There’s nothing else that beats biting into a warm croissant slathered with orange marmalade, on a winter morn, right? Ah. And for me, the taste is so much better with some cheese on top. Oooh! Of course, you may be hard pressed to find a patisserie that serves great croissants and great orange marmalade, here in India. But if you travel down south to Pondicherry in the union territory of Pondicherry, you’ll definitely stumble upon one at the turn of a corner or two, owned by the descendant of a Frenchman.
Come to think of it, orange marmalade slathered on pretty much most pastries is heavenly, no? If you haven’t tasted marmalade that isn’t overloaded with sugar, then you’ve come to the right place. This Valencia orange marmalade recipe does require some patience — making it is a day-long or a night-long process — but the fruit of your labour gloriously bittersweet, and charmingly rich. We don’t get the really bitter oranges, called Seville oranges, in Bangalore though. We do get Valencia oranges from Australia. I was determined to make some of my own after tasting the sweet store-bought ones. Although these oranges were sweeter than the bitter ones, I was able to get the right amount of bitterness after a few tries. The trick is to get all that pith in with the right amount of water, and all the seeds in (separately), and let everything soak for a few hours. So there’s a constant release of pectin, that give the marmalade its shiny jellied structure.
My mum made jams and jellies when I was a child (made with fruit pieces and fruit juice respectively), so those I know. But marmalades were bought from the stores. So, I used David Lebovitz’s recipe as a guide to make this Valencia orange marmalade. His recipe is for Seville oranges though, and therefore, I adjusted my sugar and threw in a lime for good measure. I didn’t skip the Scotch, though! *wink* I think that juicing them beforehand is a killer idea — not only do you get all the seeds, but its less messy when you cut it. Cutting oranges really thin and small with the juice in can get very messy!
I just can’t get enough of my homemade orange marmalade! I slather it on pretty much everything — breads, chapatis, biscuits, scones and muffins. And when I do make croissants, I’ll slather it on them too! Let me know how your homemade orange marmalade turns out — comment below, or tag me on Instagram using #notjustspice or on Facebook with @notjustspice.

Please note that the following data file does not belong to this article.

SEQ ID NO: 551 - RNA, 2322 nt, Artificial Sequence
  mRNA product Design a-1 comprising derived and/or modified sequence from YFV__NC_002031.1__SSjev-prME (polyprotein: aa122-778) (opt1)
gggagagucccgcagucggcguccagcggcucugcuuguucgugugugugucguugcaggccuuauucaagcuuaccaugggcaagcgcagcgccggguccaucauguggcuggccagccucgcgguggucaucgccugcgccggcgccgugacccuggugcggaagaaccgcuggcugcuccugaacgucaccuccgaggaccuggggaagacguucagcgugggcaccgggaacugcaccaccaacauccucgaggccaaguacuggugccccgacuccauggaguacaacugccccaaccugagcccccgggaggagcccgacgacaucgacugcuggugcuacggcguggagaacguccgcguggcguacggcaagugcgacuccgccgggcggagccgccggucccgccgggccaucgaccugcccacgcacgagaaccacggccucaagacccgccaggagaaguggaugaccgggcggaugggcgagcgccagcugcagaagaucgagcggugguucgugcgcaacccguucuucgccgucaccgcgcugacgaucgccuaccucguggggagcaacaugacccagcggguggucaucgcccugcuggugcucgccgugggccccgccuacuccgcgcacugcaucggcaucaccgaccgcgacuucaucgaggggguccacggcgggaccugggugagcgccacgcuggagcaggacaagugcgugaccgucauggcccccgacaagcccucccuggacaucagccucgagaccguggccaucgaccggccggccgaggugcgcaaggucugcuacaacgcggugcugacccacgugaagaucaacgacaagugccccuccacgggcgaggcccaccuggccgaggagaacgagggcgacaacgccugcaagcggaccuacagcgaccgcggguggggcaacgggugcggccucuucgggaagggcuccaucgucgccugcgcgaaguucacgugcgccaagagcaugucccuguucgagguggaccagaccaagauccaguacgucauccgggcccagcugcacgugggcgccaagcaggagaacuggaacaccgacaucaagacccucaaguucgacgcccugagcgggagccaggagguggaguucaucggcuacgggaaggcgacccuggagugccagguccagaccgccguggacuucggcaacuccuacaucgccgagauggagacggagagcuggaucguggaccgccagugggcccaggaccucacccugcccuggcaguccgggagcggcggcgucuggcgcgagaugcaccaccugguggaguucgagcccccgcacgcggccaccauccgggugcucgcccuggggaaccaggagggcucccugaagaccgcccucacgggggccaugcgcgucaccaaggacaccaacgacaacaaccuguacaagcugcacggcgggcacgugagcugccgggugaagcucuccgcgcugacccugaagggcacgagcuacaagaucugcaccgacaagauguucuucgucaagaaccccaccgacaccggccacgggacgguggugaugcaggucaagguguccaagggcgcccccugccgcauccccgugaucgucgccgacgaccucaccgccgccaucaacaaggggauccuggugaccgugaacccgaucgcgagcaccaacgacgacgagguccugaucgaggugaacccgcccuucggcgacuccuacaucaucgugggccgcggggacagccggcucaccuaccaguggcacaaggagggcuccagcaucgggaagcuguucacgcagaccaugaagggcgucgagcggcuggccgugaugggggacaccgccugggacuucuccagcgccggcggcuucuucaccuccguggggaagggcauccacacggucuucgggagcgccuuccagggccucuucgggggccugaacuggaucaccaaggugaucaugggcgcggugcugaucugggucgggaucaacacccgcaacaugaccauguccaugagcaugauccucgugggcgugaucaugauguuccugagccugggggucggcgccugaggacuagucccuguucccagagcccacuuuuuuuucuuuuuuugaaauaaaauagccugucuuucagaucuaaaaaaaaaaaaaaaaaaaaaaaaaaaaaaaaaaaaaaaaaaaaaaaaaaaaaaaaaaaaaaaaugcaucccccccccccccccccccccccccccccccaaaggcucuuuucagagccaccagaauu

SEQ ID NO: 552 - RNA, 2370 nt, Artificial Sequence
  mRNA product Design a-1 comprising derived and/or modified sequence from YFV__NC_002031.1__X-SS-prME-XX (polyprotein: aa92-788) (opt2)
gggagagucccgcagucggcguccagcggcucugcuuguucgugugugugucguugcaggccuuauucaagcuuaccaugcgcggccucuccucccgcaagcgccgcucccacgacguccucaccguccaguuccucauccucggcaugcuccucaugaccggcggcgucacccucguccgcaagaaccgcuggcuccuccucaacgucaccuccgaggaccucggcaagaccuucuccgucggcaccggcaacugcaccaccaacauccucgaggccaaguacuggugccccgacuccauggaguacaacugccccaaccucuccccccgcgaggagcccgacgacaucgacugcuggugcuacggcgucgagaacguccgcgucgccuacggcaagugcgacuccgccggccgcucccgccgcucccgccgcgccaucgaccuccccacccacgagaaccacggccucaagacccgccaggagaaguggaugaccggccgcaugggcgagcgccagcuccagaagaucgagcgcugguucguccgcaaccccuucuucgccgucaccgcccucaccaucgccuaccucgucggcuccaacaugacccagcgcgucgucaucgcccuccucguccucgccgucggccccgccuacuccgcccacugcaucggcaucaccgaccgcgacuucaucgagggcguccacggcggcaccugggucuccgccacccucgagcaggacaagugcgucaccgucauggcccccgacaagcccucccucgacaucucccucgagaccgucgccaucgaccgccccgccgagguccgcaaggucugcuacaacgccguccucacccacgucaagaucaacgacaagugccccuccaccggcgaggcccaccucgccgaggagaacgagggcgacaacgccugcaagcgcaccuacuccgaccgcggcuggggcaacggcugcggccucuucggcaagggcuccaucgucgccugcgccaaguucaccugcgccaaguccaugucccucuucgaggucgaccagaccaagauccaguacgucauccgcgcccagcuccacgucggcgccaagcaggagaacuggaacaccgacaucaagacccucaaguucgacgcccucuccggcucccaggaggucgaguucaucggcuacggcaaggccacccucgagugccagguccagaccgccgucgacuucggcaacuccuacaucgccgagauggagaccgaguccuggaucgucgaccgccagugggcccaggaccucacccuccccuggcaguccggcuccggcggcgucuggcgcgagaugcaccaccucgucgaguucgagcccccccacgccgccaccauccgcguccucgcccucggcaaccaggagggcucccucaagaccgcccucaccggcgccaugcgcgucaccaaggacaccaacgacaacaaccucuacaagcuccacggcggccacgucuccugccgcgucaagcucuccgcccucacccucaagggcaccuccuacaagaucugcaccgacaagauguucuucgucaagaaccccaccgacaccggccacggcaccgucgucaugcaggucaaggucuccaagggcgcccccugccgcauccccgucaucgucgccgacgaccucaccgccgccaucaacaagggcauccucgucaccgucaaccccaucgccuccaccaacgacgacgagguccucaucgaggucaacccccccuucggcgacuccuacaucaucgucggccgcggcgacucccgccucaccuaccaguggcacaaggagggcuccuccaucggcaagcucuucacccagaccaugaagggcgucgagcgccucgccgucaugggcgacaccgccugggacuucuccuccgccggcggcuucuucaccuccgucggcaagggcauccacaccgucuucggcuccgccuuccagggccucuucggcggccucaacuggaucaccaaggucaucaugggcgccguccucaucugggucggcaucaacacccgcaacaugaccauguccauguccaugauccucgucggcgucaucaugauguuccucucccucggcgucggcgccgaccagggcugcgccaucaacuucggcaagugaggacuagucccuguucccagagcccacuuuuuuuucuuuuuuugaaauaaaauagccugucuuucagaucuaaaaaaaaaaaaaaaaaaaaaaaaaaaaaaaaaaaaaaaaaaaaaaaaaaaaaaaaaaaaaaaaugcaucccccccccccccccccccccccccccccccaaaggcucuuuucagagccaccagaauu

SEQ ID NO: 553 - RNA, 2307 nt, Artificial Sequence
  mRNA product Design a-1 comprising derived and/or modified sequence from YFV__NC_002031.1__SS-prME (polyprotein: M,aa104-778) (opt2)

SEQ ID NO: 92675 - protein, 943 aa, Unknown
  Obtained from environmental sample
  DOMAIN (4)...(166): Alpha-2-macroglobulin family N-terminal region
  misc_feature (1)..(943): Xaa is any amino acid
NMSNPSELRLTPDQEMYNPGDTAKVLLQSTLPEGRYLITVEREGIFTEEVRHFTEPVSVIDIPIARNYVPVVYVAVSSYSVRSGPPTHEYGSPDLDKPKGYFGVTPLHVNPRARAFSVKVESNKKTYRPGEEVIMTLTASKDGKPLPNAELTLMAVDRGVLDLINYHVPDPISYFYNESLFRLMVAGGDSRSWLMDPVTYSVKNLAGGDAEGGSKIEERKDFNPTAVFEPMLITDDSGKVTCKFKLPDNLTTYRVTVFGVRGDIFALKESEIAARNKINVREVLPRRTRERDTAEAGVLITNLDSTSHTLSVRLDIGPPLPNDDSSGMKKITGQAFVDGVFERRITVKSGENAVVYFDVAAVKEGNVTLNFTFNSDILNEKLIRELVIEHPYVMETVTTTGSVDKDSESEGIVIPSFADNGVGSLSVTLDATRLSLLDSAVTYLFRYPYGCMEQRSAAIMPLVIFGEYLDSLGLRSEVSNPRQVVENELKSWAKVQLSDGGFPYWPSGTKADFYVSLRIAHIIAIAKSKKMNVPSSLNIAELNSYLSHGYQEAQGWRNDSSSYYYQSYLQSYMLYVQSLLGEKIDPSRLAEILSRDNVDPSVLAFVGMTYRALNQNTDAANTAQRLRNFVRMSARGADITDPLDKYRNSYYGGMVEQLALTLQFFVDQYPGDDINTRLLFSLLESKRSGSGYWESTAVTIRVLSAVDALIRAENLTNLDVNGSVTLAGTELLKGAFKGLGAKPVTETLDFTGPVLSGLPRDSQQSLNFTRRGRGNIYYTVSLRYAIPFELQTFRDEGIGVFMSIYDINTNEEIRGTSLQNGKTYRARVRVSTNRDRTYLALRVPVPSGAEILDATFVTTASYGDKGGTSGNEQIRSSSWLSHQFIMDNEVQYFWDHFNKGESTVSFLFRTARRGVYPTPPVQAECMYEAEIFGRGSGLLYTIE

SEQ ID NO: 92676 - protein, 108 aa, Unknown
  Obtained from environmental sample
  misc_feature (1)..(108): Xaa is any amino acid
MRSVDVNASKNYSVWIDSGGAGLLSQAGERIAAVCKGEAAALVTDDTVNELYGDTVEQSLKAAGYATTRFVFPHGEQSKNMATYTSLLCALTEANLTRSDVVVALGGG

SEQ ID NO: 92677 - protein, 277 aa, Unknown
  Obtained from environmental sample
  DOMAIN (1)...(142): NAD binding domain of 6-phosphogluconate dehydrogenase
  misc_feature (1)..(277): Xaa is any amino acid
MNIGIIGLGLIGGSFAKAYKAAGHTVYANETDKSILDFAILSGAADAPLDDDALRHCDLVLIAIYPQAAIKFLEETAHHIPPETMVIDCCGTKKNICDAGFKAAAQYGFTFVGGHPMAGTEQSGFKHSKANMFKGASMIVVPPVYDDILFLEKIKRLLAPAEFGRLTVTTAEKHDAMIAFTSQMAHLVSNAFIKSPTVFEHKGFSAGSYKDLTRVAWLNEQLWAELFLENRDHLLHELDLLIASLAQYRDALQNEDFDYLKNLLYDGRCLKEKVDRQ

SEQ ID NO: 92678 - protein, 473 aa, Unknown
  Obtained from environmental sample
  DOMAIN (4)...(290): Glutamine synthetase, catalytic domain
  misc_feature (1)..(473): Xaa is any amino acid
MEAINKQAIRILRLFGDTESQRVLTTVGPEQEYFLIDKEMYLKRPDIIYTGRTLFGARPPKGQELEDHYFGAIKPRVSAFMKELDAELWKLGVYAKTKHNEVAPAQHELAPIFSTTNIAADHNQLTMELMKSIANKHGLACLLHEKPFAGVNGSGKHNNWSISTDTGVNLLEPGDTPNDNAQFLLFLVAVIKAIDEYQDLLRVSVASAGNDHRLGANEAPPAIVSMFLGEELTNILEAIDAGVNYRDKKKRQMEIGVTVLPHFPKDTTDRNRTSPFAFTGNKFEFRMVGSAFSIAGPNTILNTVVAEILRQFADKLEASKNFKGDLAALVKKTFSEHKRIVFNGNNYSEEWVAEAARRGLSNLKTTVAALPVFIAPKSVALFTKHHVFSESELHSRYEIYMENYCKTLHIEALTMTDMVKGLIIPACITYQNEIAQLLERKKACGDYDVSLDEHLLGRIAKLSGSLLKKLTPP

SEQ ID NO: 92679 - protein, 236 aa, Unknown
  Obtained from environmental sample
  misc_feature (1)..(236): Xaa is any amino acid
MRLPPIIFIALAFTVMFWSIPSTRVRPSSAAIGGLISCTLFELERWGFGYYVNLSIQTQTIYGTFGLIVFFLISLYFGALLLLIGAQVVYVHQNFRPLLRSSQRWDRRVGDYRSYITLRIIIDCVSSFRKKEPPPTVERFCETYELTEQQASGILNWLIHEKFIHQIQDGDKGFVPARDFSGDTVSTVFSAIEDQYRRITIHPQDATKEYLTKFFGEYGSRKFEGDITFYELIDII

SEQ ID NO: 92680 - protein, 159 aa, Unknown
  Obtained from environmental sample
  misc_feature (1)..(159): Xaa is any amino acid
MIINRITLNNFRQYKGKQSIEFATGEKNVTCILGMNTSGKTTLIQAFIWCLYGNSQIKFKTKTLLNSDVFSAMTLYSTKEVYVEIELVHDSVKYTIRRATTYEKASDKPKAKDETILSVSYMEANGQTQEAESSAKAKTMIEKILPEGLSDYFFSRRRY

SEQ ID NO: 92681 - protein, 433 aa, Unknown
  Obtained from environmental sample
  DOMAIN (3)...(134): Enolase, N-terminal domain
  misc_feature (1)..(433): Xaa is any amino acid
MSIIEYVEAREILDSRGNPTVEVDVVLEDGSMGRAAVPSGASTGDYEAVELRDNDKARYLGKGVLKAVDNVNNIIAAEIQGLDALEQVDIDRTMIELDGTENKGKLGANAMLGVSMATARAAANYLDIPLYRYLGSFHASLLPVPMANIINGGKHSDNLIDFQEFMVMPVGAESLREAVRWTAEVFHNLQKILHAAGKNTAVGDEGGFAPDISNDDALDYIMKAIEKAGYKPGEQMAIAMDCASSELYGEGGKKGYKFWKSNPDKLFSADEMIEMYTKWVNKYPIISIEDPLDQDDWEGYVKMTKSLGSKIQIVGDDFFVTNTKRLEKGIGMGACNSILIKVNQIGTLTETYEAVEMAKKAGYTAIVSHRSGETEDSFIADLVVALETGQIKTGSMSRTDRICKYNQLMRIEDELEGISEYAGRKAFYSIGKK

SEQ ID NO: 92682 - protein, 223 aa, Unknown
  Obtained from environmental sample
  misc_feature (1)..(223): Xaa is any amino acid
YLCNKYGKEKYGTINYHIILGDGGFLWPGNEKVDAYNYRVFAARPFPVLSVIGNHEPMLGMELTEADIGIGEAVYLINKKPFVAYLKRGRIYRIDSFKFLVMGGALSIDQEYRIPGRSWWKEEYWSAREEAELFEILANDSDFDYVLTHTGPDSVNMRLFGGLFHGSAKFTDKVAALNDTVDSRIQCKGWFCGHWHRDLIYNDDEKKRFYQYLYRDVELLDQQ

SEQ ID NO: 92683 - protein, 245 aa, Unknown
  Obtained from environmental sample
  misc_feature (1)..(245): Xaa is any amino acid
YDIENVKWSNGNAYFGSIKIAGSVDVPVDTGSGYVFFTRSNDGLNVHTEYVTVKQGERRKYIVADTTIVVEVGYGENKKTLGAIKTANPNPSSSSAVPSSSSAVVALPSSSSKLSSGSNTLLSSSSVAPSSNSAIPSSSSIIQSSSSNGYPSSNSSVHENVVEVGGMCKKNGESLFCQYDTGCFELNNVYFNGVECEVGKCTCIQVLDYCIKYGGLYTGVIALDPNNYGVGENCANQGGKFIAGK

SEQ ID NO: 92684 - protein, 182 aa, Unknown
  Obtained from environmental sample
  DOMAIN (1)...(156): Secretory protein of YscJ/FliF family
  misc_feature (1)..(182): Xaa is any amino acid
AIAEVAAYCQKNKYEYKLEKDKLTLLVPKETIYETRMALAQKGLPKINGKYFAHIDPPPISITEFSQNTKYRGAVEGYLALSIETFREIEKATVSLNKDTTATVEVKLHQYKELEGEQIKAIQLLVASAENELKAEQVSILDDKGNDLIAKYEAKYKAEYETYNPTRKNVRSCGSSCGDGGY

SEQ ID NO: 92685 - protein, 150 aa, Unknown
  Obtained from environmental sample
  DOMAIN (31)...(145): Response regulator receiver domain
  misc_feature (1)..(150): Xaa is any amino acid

- 6 oranges scrubbed
- 1 lime
- 8 cups (2 litres) water
- 7 cups (1.4 kg) sugar
- A pinch of salt
- 1 tablespoon Scotch
Cut the oranges in half.
Using a lemon squeezer with a mesh, or a non-reactive strainer over a bowl, squeeze out the juice, so you catch the seeds over the mesh. Do the same thing with the lime.
Place the seeds in a non-reactive metal bag (like steel), or tie them up in a cheesecloth or muslin. They’ll have to withstand a few hours’ of boiling, so ensure that your knot is secure.
Cut the orange rinds in half, and then proceed to slice them thinly. Hold the slices down together and cut them up into pieces that are no more than 1.3 cm (1/2 an inch) long. Do the same thing with the lime.
In a heavy bottom-vessel like a pressure cooker or a stockpot, add the water, seed pouch, salt, all the juice you collected from squeezing the oranges and lime out, and the finely-cut orange slices, and bring the whole lot to a boil.
Immediately reduce the heat, and let it all simmer for 30 minutes.
Remove it from the heat and let it sit on your countertop for 7-8 hours (overnight).
Place it back on the stove and add the sugar in. Bring it to a boil and then reduce the heat to a simmer. Stir occasionally, so it doesn’t stick to the bottom of the vessel.
It has to cook until it reaches the jelling point, that is 103ºC (218ºF). For me, it took about an hour and 45 minutes. Remove the seeds after an hour and 15 minutes. You won’t need them again.
10. To test if your marmalade has set, place some marmalade on a plate that has been sitting in the freezer for half an hour, and place it back in the freezer for 3 minutes. When you slide your finger through the middle of the marmalade, it should stay separate and wrinkle a bit. If not, let it continue to simmer.
11. When it has reached the temperature (if you’re checking with a thermometer) and consistency (freezer-plate method), turn off the heat.
12. Stir in the Scotch and allow it to cool before you spoon it into clean jars.
Your marmalade will be runnier than the store-bought ones dues to lesser sugar. Pectin also make your marmalade more jelly-like, and as these oranges contain lesser pectin than a few other varieties like Seville oranges, the resulting orange marmalade may not be as thick as marmalade made from Seville oranges. Letting the whole thing soak for a good 7-8 hours helps the the release of additional pectin, so don’t skip the soaking bit. Storage: It stays good for a month in the fridge — that’s how long it stayed in our fridge as I ended up using a loooot of it, and more of it in cakes and muffins. I was out of control. So, I don’t know for how much longer it will actually stay. However if you want to preserve it, you can learn the procedures here.
Seville Orange Marmalade (David Lebovitz)
Let’s Preserve: Basics of Home Canning (PennState Extension)
Name That Orange! The… Varieties (modern farmer)